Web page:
Hygiene warning on Mid-Levels escalator handrails

August 20, 2019 16:03
The Central-Mid-Levels Escalator and Walkway System is used by more than 70,000 people every day. Photo: HKEJ

Which is dirtier, a toilet seat or the handrails of an escalator?

According to a lab test, the rubber handrails of the Central-Mid-Levels Escalator and Walkway System, which is used by more than 70,000 people every day, may contain more germs.

The Central & Western Branch of the Democratic Alliance for the Betterment and Progress of Hong Kong (DAB) commissioned a lab test on nine of the escalator's 19 sections in May to see how unhygienic the handrails are.

The test results showed the highest amount of germs, or 1,900 colony-forming units (CFU) per square meter, was found on the east-bound section between Caine Road and Mosque Street, while the least amount, 600 CFU, was on the section between Queen's Road Central and Wellington Street, the Hong Kong Economic Journal reports.

If one touches the handrails of the entire 19 sections, one can get germs of up to 1,300 CFU, according to the test. 

By comparison, a media report said the amount of germs found on a toilet seat was around 1,200 CFU, the same as with a mobile phone screen that has not been cleaned for a year.

DAB lawmaker Horace Cheung Kwok Kwan said the findings are worrisome as many residents living in Mid-Levels rely on the escalators every day, adding that he will notify the government about hygiene issues concerning the handrails and ask relevant departments to enhance cleaning efforts.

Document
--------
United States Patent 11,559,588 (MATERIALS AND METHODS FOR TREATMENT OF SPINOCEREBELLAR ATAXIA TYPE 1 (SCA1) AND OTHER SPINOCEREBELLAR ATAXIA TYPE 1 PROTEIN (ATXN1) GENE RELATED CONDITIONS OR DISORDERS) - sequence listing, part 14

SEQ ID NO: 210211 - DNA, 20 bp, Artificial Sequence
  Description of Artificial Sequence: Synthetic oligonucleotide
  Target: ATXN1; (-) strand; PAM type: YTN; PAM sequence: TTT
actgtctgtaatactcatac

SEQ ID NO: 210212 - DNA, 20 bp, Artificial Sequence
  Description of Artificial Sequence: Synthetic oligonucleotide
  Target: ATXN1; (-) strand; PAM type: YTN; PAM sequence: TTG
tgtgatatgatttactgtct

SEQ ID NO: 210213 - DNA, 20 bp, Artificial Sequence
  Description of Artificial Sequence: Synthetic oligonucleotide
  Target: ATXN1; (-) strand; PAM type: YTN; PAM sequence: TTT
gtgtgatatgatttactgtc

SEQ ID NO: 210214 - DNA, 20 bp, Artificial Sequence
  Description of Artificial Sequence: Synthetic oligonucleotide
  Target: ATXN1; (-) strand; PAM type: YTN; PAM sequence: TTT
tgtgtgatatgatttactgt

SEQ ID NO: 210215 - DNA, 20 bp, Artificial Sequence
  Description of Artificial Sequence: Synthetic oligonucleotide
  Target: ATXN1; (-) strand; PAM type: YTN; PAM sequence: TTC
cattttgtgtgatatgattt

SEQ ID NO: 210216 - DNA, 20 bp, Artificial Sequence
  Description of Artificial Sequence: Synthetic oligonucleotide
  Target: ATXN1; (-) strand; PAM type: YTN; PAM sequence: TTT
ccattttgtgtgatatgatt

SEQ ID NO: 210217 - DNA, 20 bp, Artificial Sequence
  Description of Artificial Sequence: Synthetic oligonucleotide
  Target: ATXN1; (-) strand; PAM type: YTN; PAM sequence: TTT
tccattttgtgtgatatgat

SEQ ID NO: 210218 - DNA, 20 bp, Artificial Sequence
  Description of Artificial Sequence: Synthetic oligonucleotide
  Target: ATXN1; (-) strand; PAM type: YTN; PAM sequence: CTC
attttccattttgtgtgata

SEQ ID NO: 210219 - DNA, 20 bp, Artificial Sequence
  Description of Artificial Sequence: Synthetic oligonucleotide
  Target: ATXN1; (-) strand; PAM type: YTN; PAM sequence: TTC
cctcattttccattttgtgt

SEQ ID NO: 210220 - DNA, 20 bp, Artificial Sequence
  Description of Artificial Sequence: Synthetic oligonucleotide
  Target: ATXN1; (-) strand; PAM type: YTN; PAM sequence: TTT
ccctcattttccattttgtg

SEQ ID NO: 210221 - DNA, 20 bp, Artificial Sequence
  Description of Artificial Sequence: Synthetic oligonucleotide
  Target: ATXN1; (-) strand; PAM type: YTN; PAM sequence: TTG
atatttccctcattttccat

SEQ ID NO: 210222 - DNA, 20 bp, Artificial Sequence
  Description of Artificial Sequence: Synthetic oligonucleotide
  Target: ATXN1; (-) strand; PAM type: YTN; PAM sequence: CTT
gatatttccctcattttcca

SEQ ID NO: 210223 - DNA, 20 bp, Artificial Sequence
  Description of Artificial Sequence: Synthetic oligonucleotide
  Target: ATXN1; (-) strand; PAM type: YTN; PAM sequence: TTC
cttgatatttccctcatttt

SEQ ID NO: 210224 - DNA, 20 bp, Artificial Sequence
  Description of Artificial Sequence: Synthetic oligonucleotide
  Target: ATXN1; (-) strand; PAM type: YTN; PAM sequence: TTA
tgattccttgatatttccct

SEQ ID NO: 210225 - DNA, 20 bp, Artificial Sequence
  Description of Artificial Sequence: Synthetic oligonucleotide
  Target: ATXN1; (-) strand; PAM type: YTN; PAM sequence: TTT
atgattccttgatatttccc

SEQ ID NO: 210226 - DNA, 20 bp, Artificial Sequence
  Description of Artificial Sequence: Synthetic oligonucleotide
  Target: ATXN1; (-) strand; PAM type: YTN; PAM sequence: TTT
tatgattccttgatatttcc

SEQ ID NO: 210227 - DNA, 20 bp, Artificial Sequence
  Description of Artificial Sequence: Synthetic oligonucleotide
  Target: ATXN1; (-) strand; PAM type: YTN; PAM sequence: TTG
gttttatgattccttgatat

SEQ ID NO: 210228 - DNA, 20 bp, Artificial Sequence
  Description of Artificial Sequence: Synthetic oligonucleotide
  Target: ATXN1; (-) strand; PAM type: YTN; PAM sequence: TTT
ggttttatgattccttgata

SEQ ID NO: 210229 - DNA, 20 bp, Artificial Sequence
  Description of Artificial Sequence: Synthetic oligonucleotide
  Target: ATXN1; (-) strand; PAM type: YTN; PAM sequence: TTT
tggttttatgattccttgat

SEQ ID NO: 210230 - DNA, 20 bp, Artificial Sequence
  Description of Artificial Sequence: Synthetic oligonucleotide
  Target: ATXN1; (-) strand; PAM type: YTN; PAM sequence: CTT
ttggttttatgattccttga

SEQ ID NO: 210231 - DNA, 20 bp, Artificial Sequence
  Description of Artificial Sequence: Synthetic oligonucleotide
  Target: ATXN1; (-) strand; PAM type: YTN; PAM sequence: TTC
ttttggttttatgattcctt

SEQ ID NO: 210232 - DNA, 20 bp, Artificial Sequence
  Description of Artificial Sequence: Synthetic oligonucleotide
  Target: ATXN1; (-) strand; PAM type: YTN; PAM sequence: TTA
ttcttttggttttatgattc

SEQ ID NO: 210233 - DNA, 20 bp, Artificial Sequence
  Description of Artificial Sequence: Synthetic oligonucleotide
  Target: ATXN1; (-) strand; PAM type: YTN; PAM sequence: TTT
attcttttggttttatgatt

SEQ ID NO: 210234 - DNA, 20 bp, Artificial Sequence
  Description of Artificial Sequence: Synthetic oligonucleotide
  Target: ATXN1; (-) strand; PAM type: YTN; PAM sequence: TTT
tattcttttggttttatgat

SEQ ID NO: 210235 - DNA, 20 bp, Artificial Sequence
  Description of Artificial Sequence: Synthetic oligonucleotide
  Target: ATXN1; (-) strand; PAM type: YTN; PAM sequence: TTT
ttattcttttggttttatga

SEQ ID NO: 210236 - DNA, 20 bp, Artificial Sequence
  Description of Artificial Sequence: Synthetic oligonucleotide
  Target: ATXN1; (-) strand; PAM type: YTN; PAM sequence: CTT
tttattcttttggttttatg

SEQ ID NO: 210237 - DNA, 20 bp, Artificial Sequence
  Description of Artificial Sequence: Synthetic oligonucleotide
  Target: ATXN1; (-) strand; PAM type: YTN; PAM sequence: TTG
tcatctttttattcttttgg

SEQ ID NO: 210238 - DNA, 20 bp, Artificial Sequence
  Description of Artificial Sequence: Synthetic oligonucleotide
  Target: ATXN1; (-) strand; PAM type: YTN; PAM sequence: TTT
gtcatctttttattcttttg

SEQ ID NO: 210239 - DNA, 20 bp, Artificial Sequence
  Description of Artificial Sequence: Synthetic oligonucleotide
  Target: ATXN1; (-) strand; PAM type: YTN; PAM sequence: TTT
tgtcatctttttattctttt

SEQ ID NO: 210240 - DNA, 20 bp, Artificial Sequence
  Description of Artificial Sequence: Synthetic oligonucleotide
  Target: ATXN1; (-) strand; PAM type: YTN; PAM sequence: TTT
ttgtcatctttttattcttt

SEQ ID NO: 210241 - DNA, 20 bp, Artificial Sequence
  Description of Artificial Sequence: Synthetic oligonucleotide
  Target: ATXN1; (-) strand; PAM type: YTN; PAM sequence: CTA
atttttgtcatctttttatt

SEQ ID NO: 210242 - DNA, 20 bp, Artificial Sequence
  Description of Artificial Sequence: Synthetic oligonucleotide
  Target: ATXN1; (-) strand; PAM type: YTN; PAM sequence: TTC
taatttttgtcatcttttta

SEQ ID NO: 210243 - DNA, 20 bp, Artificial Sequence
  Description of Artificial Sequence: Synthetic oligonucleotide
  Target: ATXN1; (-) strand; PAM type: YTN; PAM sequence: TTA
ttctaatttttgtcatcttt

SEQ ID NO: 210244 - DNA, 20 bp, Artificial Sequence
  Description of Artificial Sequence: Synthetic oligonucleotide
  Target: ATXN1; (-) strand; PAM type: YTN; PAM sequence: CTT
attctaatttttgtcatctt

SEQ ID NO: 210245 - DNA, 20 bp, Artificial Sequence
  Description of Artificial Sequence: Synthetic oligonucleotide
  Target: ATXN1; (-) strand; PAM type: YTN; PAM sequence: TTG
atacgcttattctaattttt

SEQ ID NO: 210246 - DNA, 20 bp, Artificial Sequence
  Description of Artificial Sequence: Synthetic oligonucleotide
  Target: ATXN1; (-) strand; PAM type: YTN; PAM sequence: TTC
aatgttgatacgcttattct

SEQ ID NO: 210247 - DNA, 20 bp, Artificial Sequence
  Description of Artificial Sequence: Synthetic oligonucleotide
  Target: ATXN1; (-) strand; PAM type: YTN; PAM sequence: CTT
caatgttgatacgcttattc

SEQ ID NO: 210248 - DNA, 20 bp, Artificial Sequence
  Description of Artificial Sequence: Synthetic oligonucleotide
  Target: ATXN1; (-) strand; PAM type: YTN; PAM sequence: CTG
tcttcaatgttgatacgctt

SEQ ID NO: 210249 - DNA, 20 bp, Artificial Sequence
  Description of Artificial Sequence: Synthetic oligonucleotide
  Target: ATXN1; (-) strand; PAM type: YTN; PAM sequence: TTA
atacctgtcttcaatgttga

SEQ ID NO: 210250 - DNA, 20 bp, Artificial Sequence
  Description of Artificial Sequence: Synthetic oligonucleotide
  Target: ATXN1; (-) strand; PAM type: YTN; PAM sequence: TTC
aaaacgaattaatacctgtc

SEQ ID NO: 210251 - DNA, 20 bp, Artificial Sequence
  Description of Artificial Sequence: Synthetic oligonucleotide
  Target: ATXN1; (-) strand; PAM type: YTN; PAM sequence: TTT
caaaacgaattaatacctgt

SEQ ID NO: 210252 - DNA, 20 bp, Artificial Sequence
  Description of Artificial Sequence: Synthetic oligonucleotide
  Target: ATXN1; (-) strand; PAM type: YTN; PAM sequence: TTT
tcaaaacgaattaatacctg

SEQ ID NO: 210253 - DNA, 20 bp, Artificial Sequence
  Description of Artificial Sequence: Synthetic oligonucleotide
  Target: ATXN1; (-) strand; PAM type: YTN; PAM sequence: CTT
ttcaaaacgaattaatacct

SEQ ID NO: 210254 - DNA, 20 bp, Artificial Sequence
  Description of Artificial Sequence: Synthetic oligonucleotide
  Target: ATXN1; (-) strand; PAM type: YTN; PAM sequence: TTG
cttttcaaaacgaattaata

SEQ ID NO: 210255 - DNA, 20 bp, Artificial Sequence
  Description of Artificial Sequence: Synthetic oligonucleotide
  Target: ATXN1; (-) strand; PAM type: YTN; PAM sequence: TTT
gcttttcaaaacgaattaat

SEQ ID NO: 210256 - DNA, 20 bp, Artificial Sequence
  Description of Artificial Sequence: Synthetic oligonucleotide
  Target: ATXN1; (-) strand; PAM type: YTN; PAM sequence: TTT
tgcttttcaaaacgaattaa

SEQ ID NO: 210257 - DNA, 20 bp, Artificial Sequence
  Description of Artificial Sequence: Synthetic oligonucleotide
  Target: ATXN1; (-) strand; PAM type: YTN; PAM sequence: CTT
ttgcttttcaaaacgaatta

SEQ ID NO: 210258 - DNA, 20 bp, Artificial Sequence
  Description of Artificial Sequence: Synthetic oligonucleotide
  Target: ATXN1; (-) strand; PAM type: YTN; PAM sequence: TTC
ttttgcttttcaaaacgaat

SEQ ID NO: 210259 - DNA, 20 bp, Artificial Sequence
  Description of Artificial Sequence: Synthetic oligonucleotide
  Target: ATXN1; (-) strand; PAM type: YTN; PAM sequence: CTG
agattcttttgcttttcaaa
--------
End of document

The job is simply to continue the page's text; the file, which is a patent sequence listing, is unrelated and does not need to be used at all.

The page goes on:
In response to an inquiry from the HKEJ, the Transport Department (TD), which is in charge of the facility, disputed DAB's allegation that the handrails are cleaned only once a week.

The TD said the Electrical and Mechanical Services Department, which it commissioned to handle the escalator’s operations and maintenance, has outsourced the job of cleaning the handrails and other elevator parts of the elevator to a private contractor, which does it every day.

To ensure the handrails meet hygiene standards, the TD promised that it will keep a close eye on the sanitary situation of the overall system on a regular basis.

Dr. Betty Kwan Ka-mei, a family medicine doctor, said objects and facilities that are open for public use are more likely to contain more germs such as Escherichia coli and Staphylococcus aureus.

She urged people to wash their hands thoroughly after touching the handrails and before eating or touching their eyes, ears, nose and mouth.

The DAB suggested that the government work with universities or innovative startups in conducting research and perhaps coming up with an automatic handrail cleaning machine to replace human cleaners to achieve better results.

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